Just in time for the summer weather, we are starting a new series on the many ways in which a number of people here in New York are working towards a more sustainable fashion “industry.”
Mae Colburn, a writer and textiles researched based in New York is curating the series. We thought of starting close to home and thanks to my current position at Parsons we were able to get in touch with some of the most exciting researchers, designers, and educators working at the crossroads of fashion and sustainability.
It seemed like it would be an impossible task to match the Costume Institute’s McQueen blockbuster of last summer with an equaling compelling and aesthetically engaging display. Nonetheless, curators Andrew Bolton and Harold Koda achieved the impossible in their latest exhibition called Schiaparelli and Prada: Impossible Conversations. In this witty and provocative installation, they have set a new bar for curation of fashion by their creative use of technology and their innovative juxtaposition of fashion from the past and the present.
Waist Up - Waist Down Gallery
Although Elsa Schiaparelli (1890-1973) and Miuccia Prada (b. 1949) came from different eras, they both challenged cultural norms and expressed their unconventional ideas about beauty and femininity through fashion. Koda and Bolton developed themes that reflected the two women’s shared interests and visual aesthetics, but also identified their different approaches to design by creating imagined conversations between the two designers. It is in this novel approach to animating the exhibition, which reminds us that garments reflect the ideas and attitudes of their creators and are designed for living bodies.
Surreal Body Gallery
Taking inspiration from Miguel Covarrubias’s “Impossible Interviews” for Vanity Fair in 1930s, the imagined conversations are presented in the context of a dinner party with Miuccia Prada sitting at one end of the dining table and Elsa Schiaparelli at the other. The script for their conversations was developed from the text from the 1950s autobiography by Schiaparelli and from interviews with Prada that suggest a real-time response. Schiaparelli’s part is played by an actress and Prada responds as herself. Their imagined conversations seem like good-natured arguments between two friends, infusing the installation with whimsy and a cheeky playfulness.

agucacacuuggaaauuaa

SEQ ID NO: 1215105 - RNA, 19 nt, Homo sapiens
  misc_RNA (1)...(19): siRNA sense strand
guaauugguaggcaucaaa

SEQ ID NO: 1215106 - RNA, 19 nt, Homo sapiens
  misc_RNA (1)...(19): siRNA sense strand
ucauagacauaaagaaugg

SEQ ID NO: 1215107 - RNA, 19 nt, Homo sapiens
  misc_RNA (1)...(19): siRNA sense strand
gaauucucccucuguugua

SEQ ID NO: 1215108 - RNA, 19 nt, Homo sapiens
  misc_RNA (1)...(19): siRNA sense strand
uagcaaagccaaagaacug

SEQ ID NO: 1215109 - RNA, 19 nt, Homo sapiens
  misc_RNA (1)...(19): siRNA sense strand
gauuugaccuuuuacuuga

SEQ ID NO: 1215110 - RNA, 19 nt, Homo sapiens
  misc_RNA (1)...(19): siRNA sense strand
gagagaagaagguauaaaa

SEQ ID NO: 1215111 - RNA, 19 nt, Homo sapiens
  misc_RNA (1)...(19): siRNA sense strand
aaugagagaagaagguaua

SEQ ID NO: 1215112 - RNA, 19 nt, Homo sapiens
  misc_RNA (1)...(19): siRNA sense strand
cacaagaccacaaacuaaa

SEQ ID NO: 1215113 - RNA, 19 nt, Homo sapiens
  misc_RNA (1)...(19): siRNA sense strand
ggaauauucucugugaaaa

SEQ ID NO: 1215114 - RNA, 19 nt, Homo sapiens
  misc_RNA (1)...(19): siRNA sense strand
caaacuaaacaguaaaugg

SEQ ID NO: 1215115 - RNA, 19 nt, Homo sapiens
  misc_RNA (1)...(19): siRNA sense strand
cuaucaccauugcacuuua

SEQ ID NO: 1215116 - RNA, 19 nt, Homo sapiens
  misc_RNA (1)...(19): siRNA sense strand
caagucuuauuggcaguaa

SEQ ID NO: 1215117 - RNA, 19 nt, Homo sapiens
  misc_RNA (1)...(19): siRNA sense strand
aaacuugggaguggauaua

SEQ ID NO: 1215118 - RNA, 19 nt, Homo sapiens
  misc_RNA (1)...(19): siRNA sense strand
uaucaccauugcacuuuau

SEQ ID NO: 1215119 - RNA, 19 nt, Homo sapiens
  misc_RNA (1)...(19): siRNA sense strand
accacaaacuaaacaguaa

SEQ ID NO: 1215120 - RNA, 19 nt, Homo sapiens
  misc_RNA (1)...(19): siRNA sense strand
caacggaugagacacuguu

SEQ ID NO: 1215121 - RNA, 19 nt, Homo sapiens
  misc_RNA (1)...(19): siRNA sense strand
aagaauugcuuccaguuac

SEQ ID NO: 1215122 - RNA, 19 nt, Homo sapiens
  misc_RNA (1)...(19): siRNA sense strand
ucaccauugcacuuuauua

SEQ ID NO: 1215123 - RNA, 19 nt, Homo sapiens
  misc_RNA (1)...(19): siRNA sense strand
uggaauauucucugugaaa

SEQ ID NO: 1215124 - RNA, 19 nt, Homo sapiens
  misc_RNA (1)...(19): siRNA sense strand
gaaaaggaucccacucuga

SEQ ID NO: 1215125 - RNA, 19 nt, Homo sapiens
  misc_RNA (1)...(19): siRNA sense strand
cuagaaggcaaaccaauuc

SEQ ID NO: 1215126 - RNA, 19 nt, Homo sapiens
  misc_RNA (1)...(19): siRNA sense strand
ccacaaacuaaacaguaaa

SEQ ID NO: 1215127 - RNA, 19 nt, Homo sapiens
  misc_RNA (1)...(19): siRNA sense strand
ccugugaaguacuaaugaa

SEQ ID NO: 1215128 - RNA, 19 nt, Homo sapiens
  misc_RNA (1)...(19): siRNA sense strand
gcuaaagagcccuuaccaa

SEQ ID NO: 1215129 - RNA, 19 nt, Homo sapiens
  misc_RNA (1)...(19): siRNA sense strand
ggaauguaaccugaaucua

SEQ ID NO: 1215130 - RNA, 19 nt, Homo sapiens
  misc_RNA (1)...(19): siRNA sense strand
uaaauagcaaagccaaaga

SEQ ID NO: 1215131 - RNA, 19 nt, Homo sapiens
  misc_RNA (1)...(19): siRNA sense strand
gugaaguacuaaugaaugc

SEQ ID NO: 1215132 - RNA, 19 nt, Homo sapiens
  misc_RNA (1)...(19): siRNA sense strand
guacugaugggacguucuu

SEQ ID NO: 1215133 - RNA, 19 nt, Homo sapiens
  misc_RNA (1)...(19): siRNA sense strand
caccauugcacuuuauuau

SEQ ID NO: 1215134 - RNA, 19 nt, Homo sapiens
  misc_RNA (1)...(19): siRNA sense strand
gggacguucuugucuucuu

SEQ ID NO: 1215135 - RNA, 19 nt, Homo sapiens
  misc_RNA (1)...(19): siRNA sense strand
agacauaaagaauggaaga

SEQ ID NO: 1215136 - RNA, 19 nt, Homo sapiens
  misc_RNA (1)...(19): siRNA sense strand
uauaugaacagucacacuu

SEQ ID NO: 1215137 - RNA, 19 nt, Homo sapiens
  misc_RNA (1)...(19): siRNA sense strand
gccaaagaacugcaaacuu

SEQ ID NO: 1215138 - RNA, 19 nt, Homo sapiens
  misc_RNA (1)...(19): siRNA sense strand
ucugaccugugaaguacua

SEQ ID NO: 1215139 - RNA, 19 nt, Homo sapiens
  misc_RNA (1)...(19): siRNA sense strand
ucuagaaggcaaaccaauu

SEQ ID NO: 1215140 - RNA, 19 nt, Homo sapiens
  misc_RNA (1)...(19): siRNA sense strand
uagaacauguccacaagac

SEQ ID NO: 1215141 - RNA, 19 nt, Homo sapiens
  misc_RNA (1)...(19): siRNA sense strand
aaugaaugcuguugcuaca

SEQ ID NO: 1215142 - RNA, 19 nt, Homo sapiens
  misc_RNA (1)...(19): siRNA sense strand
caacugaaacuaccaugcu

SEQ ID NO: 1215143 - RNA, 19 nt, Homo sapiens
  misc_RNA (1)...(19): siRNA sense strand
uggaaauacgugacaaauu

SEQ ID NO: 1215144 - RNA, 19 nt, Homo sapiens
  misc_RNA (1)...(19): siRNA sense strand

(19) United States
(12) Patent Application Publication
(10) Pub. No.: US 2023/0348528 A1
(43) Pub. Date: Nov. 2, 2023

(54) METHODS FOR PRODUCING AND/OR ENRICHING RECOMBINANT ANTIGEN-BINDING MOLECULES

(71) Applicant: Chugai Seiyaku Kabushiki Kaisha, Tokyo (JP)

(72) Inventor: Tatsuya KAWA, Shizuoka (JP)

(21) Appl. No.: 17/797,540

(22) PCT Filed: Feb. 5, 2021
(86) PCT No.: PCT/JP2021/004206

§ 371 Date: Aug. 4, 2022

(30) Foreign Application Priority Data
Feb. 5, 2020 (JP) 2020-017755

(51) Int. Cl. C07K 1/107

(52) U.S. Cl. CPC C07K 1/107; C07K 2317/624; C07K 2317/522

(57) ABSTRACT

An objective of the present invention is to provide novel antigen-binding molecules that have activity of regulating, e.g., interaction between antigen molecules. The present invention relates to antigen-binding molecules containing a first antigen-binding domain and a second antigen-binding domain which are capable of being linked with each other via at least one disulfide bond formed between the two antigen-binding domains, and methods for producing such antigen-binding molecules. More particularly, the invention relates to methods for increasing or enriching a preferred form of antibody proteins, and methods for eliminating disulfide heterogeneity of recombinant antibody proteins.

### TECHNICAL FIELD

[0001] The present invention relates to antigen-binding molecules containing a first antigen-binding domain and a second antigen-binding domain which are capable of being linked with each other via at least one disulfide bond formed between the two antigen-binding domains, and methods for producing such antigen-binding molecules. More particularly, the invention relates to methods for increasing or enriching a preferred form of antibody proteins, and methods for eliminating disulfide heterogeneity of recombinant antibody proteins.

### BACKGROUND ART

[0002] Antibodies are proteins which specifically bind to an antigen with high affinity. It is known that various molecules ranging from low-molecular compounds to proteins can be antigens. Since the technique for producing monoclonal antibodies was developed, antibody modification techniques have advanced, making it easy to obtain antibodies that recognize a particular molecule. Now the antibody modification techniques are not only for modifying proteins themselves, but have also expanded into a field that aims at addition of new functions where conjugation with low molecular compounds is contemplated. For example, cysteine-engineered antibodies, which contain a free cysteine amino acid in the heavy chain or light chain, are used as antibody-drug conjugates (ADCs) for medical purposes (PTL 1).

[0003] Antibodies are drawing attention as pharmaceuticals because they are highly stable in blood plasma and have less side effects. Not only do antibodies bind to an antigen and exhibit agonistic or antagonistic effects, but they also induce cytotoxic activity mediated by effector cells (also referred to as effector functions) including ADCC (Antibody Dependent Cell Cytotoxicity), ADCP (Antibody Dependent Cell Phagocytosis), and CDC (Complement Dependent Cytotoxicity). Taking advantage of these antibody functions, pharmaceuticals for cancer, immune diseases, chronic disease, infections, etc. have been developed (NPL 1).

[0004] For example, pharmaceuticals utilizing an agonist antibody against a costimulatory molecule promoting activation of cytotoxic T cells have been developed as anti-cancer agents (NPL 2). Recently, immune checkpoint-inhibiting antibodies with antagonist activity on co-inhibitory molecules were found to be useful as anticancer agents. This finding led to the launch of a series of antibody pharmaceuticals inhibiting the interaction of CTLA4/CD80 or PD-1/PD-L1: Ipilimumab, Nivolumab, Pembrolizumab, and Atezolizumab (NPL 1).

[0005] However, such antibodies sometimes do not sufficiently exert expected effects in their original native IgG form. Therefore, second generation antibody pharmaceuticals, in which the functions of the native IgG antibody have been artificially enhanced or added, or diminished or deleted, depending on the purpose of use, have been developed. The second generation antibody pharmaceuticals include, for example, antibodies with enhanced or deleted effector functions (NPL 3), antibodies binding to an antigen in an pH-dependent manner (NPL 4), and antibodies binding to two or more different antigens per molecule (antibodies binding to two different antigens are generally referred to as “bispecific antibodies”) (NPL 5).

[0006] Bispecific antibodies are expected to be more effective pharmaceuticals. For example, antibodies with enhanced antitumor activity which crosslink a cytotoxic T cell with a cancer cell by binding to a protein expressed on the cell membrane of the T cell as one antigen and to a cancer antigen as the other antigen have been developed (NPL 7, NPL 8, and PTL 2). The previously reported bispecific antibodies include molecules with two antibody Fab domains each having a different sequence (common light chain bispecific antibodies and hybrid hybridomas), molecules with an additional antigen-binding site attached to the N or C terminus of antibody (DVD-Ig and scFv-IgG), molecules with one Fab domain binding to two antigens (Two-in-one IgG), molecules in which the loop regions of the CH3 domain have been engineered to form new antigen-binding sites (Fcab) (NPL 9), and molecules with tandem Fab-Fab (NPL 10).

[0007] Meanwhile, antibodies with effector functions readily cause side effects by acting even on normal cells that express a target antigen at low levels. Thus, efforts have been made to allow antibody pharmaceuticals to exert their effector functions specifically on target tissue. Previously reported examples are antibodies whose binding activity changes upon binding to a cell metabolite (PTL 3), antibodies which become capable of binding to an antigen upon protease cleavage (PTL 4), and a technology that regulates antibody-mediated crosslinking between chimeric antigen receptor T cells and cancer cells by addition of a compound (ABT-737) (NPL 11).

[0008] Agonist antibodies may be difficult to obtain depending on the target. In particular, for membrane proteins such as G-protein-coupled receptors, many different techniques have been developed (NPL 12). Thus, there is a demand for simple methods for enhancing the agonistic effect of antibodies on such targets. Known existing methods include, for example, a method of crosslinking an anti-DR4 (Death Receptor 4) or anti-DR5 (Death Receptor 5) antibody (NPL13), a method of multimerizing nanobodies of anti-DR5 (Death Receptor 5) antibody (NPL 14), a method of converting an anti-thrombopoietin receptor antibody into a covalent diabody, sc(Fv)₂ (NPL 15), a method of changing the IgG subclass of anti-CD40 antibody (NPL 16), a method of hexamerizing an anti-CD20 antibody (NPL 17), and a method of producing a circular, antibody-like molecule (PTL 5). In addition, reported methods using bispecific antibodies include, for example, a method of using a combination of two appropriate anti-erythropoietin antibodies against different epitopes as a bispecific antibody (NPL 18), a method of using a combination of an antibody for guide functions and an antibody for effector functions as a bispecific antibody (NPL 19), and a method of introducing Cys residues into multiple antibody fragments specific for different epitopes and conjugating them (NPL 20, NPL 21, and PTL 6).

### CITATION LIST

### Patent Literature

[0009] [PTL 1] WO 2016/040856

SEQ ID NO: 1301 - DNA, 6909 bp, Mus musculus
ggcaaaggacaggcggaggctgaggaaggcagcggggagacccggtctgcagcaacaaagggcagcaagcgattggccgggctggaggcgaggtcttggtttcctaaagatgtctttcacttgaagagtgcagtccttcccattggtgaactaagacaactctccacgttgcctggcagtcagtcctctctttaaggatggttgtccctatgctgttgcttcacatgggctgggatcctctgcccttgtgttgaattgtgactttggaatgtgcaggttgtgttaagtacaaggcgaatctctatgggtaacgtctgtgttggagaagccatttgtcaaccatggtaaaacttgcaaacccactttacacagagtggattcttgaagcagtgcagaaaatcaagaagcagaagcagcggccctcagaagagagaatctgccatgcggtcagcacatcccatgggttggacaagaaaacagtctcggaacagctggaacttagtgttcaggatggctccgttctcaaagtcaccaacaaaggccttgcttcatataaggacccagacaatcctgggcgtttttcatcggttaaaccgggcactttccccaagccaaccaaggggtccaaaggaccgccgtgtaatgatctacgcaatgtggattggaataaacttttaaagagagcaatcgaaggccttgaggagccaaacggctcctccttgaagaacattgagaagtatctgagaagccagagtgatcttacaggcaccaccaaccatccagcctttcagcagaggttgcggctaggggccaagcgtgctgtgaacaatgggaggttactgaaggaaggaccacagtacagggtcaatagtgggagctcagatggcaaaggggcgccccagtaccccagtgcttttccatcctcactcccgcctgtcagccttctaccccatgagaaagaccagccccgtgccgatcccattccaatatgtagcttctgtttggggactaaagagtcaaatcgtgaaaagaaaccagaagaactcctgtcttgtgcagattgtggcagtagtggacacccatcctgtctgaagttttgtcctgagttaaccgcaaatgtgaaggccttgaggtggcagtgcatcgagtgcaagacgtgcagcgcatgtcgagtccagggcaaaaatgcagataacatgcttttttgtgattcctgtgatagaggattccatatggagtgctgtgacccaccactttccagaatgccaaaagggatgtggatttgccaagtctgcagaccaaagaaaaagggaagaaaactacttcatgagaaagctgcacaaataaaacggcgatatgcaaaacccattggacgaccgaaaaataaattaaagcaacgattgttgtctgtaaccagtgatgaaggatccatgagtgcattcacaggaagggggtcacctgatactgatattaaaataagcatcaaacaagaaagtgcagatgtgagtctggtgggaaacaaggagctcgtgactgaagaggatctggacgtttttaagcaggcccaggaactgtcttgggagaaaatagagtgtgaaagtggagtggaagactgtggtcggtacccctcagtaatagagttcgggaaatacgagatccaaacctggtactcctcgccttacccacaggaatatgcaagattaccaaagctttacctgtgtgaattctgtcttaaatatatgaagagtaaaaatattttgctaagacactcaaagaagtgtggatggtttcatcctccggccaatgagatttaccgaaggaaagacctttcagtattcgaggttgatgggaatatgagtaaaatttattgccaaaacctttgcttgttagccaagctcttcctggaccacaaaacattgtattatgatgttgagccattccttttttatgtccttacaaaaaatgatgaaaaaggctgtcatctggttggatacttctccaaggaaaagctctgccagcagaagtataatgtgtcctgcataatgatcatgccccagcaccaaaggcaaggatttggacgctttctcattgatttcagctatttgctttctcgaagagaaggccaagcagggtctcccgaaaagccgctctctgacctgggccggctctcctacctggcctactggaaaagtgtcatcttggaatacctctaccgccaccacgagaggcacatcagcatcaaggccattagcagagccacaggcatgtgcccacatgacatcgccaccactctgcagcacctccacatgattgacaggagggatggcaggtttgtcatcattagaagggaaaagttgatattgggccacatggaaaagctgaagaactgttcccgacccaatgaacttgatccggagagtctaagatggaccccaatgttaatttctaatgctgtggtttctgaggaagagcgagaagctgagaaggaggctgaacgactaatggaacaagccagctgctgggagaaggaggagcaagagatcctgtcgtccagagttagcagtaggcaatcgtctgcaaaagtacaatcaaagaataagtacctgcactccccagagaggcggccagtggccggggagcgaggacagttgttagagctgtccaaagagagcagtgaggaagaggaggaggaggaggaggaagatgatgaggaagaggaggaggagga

The exhibition has a modernist, clean aesthetic and includes ninety designs and thirty accessories from the two designers. In general, the rooms are dark putting a spotlight on the video presentations, and creating focal points through selective lighting of the outfits on display. Mannequins act as blank canvases for the garments and are organized in thematic groupings of Waist Up/Waist Down, Hard Chic, Ugly Chic, Naif Chic, and aspects of the Dressed Body. There is an aesthetic coherence to the four rooms, providing a unifying element for what could easily have become a chaotic mess without the tight editing and restraint that Koda and Bolton have demonstrated in this visually appealing installation. Although Schiaparelli’s lobster dress and skeleton dress are not on display, the exhibition cleverly makes reference to these iconic garments and conveys the whimsy, irony and unconventional nature of these important designers.
Exotic Gallery View
In another stroke of brilliance, the curators commissioned Guido Palau to make customized masks for the mannequins. These masks, each unique and exquisitely embellished, add an element of surreal fantasy to the display, as well as unifying the presentation. These masks often play off the design elements within the garments themselves. For example the mask accompanying the gown for the Tear Dress, 1938 by Schiaparelli and Dali, includes a Dali moustache.
Naif Chic Gallery View
As a whole, the exhibition gives the viewer cause to consider the nature of fashion and art. At the press preview Thomas P. Campbell, Director and CEO of the Metropolitan Museum of Art, said “Schiaparelli’s collaborations with Dali and Cocteau as well as Prada’s Fondazione Prada push art and fashion ever closer, in a direct, synergistic, and culturally redefining relationship.” There are also direct references to the two designer’s opinions on the topic and it is clear that this is a point of difference between the two. In the Ugly Chic gallery, Schiaparelli said: “Dress designing…is to me not a profession but an art.” To this Prada responded: “Dress designing is creative, but it is not an art…. But to be honest, whether fashion is art or whether even art is art doesn’t really interest me. Maybe nothing is art. Who cares!” The exhibition closes with an animated conversation between Prada and Schiaparelli on the nature of fashion and art, in which the designers conclude by agreeing to disagree. This part of the exhibition caused me to smile. It seemed to provide another connection to my interest in the intersection of fashion and art, and I recalled my conversations with Harold Koda and other curators on this topic. Imagining my own conversation with Miuccia Prada, I would have suggested to her that instead of “Maybe nothing is art”, maybe everything is or could be art. To that, no doubt she would have responded like she did in the installation: “The term [artist] itself seems old-fashioned. It’s a term that does not relate to modern times. And it’s too confining. What I love about fashion is its accessibility and its democracy. Everyone wears it, and everyone relates to it.” And on that point, we would have agreed.